Skeletal Muscle Ventricles for Biologic Cardiac Assistance

  • H. Lu
  • R. L. Hammond
  • G. A. Thomas
  • L. W. Stephenson

Abstract

Skeletal muscle was first introduced to cardiac surgery between 1930 and 1940. In 1931, De Jesus used pectoralis muscle to repair a penetrating cardiac injury in a young man [1]. Two years later, Leriche and Fontaine applied a pectoralis major muscle graft to the surface of infarcted canine myocardium in order to reinforce the myocardial scar [2]. After a few months, the grafts were found to be viable and well incorporated into the surrounding myocardial tissue. In 1935, Beck experimentally demonstrated the development of collateral blood flow from muscle grafts to the canine epicardium [3]. In his study, after application of the muscle graft to the myocardium, both coronary arteries were gradually occluded. Over a period of weeks, communication between the skeletal muscle and coronary circulations formed. After that Beck and others applied nonstimulated muscle grafts and other tissues to the ischemic hearts of human beings for the treatment of coronary artery disease [4, 5].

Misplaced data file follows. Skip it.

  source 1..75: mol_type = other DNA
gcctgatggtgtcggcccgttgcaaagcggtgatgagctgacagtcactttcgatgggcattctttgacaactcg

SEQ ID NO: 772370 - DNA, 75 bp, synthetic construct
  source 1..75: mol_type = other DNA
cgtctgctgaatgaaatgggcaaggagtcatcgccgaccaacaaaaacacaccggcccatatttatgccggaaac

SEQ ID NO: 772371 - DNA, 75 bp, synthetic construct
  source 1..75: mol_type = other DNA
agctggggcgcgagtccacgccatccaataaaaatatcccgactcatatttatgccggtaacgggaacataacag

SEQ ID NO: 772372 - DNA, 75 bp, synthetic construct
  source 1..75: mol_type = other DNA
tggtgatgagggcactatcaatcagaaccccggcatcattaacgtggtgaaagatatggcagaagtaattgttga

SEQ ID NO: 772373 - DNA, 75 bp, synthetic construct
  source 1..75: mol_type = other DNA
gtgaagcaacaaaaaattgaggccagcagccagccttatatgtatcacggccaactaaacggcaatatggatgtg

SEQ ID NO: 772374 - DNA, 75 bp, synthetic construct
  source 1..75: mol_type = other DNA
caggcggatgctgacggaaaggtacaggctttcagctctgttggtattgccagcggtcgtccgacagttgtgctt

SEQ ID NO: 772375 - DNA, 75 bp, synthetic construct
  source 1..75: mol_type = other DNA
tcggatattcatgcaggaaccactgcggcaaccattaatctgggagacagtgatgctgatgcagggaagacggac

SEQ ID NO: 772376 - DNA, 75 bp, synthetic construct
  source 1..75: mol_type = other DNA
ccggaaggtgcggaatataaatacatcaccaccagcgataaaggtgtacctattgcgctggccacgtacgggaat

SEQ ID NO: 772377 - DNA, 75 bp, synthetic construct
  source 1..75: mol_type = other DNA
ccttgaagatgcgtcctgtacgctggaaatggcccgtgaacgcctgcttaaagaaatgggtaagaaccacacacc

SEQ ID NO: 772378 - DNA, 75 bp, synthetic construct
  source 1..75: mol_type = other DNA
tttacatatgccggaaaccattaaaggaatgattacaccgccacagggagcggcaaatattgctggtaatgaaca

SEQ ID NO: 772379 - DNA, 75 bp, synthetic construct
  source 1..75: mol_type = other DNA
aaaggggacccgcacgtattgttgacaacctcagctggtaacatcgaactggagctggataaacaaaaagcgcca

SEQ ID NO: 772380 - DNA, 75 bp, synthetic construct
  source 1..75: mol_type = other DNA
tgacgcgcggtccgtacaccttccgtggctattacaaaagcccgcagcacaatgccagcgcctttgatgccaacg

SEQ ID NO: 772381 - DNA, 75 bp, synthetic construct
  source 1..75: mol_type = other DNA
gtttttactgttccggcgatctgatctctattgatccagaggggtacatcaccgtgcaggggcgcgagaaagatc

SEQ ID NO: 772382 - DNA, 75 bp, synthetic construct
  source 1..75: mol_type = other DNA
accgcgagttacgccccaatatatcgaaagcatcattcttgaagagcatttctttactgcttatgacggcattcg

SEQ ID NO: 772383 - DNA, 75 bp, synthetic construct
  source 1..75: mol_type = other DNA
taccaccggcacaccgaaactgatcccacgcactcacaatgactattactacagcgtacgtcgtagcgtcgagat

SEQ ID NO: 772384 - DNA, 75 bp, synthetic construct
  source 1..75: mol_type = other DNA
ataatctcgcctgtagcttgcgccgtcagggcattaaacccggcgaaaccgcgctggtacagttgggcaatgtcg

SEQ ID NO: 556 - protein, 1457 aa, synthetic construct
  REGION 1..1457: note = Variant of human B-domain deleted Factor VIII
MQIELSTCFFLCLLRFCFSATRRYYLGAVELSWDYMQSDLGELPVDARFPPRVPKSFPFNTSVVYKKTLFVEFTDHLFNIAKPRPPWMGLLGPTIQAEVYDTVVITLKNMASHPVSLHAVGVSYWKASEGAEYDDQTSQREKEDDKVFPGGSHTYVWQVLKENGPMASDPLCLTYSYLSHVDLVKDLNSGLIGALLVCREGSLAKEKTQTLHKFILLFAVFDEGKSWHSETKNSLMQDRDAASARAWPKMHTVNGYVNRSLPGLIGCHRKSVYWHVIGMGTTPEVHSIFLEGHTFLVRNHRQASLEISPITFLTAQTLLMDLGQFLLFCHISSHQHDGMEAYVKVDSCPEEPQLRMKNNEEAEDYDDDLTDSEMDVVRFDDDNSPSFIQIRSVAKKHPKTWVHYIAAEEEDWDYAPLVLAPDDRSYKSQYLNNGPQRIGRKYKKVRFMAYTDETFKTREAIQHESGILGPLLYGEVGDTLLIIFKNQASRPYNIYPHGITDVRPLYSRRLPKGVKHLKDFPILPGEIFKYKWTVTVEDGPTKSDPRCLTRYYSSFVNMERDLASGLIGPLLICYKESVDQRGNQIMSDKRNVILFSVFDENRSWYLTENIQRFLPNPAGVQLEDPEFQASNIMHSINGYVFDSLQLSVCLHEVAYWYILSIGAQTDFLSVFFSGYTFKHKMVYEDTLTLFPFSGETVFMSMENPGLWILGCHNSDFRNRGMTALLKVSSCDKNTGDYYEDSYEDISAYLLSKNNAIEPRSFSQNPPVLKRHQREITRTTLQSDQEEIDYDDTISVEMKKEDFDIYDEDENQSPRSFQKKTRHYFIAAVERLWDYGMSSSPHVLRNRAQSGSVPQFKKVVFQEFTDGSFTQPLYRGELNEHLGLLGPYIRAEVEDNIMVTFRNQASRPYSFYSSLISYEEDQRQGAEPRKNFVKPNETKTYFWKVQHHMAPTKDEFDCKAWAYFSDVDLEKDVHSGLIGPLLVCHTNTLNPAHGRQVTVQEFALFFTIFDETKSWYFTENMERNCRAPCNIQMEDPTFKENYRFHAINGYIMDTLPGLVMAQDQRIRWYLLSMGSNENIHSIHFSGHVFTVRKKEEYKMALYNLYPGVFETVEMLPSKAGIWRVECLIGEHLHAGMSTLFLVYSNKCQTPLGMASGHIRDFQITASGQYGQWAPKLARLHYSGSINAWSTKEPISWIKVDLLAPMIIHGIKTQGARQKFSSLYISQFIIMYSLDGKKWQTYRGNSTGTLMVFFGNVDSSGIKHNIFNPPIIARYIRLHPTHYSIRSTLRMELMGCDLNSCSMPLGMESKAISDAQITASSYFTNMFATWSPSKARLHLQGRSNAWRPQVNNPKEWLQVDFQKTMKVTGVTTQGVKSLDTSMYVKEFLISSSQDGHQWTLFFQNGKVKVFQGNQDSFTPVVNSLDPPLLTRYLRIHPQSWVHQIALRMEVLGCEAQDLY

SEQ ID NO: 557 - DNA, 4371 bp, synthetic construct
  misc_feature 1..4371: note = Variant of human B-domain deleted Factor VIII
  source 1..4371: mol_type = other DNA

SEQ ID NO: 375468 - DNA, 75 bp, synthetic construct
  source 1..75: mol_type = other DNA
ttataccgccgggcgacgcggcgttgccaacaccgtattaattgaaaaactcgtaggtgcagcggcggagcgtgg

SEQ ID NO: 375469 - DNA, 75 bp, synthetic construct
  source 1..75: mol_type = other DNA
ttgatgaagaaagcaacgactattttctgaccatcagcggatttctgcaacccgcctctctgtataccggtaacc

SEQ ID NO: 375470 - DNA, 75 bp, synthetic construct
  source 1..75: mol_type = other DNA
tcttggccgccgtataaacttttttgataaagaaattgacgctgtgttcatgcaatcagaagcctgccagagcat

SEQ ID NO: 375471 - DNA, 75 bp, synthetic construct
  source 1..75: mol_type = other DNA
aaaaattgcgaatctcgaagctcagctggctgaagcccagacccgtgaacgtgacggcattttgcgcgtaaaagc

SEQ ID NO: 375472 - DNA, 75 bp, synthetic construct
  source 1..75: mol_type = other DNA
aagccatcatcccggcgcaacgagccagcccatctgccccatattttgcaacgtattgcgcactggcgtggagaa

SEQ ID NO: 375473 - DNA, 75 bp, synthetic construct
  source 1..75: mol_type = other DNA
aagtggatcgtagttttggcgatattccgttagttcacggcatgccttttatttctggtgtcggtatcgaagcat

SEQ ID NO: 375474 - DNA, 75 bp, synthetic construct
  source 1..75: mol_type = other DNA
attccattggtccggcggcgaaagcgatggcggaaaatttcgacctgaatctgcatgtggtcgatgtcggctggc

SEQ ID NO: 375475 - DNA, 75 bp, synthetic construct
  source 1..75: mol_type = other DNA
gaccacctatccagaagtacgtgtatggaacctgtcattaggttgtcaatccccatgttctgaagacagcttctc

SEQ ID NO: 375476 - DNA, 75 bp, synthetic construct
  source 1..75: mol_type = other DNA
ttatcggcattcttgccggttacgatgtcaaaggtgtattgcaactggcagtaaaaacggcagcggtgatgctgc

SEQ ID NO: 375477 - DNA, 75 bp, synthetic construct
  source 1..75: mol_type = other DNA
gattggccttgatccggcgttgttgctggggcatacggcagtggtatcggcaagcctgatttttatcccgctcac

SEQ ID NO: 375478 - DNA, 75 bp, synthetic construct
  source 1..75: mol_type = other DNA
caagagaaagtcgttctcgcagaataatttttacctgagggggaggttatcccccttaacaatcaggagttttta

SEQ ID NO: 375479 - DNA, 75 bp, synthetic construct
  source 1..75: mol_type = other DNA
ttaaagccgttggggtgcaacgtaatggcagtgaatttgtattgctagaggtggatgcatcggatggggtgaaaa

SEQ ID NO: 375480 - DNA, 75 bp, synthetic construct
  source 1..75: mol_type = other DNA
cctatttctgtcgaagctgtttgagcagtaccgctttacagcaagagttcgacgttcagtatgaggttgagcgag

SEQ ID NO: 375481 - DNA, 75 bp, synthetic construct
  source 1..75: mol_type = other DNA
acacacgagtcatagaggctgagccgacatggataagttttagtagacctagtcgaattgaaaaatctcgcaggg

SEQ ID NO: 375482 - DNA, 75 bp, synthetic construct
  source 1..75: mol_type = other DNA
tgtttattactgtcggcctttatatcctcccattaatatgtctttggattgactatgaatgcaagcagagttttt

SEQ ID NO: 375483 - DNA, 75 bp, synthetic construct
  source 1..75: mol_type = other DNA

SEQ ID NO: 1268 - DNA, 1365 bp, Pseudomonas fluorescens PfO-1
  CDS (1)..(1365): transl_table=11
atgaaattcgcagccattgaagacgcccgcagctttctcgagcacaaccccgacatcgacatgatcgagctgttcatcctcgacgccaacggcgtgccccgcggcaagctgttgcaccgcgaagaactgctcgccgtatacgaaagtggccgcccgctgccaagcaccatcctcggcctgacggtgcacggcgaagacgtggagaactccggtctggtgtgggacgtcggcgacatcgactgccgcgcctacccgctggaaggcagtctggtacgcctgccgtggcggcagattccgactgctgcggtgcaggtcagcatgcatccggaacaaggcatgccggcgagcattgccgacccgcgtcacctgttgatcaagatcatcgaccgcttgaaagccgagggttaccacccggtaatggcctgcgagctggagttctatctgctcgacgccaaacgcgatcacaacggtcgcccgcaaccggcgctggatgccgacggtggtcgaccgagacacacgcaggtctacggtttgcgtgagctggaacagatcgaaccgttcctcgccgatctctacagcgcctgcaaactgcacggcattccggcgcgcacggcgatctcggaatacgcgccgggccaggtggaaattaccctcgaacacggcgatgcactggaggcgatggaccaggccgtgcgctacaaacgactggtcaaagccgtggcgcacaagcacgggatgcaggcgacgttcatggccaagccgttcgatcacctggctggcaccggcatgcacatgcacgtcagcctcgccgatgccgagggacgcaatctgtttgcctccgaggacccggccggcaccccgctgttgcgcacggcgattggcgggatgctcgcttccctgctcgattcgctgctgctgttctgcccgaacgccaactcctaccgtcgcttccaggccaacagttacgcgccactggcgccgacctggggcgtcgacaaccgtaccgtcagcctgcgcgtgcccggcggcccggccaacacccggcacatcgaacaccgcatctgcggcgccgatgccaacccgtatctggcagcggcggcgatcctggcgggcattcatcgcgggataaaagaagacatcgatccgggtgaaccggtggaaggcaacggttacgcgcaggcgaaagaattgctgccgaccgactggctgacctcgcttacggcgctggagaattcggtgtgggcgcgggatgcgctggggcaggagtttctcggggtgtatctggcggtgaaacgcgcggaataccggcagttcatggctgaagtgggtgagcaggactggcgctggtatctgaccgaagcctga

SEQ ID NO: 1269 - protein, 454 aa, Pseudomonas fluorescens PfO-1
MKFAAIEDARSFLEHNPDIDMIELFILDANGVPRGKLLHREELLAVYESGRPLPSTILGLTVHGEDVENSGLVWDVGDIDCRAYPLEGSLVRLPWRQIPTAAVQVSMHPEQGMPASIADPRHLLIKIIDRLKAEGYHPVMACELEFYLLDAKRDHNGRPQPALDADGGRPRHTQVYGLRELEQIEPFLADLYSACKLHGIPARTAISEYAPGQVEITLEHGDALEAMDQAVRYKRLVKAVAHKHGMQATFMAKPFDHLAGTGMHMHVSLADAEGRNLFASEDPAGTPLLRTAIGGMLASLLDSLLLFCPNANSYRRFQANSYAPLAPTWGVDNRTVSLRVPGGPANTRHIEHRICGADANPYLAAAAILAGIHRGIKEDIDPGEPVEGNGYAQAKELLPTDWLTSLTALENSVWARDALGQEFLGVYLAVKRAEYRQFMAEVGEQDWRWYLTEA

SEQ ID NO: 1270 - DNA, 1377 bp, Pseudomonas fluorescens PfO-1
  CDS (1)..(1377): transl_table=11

Keywords

Fatigue Migration Aspirin Heparin Luminal 

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Copyright information

© Springer-Verlag Berlin Heidelberg 1995

Authors and Affiliations

  • H. Lu
  • R. L. Hammond
  • G. A. Thomas
  • L. W. Stephenson

There are no affiliations available

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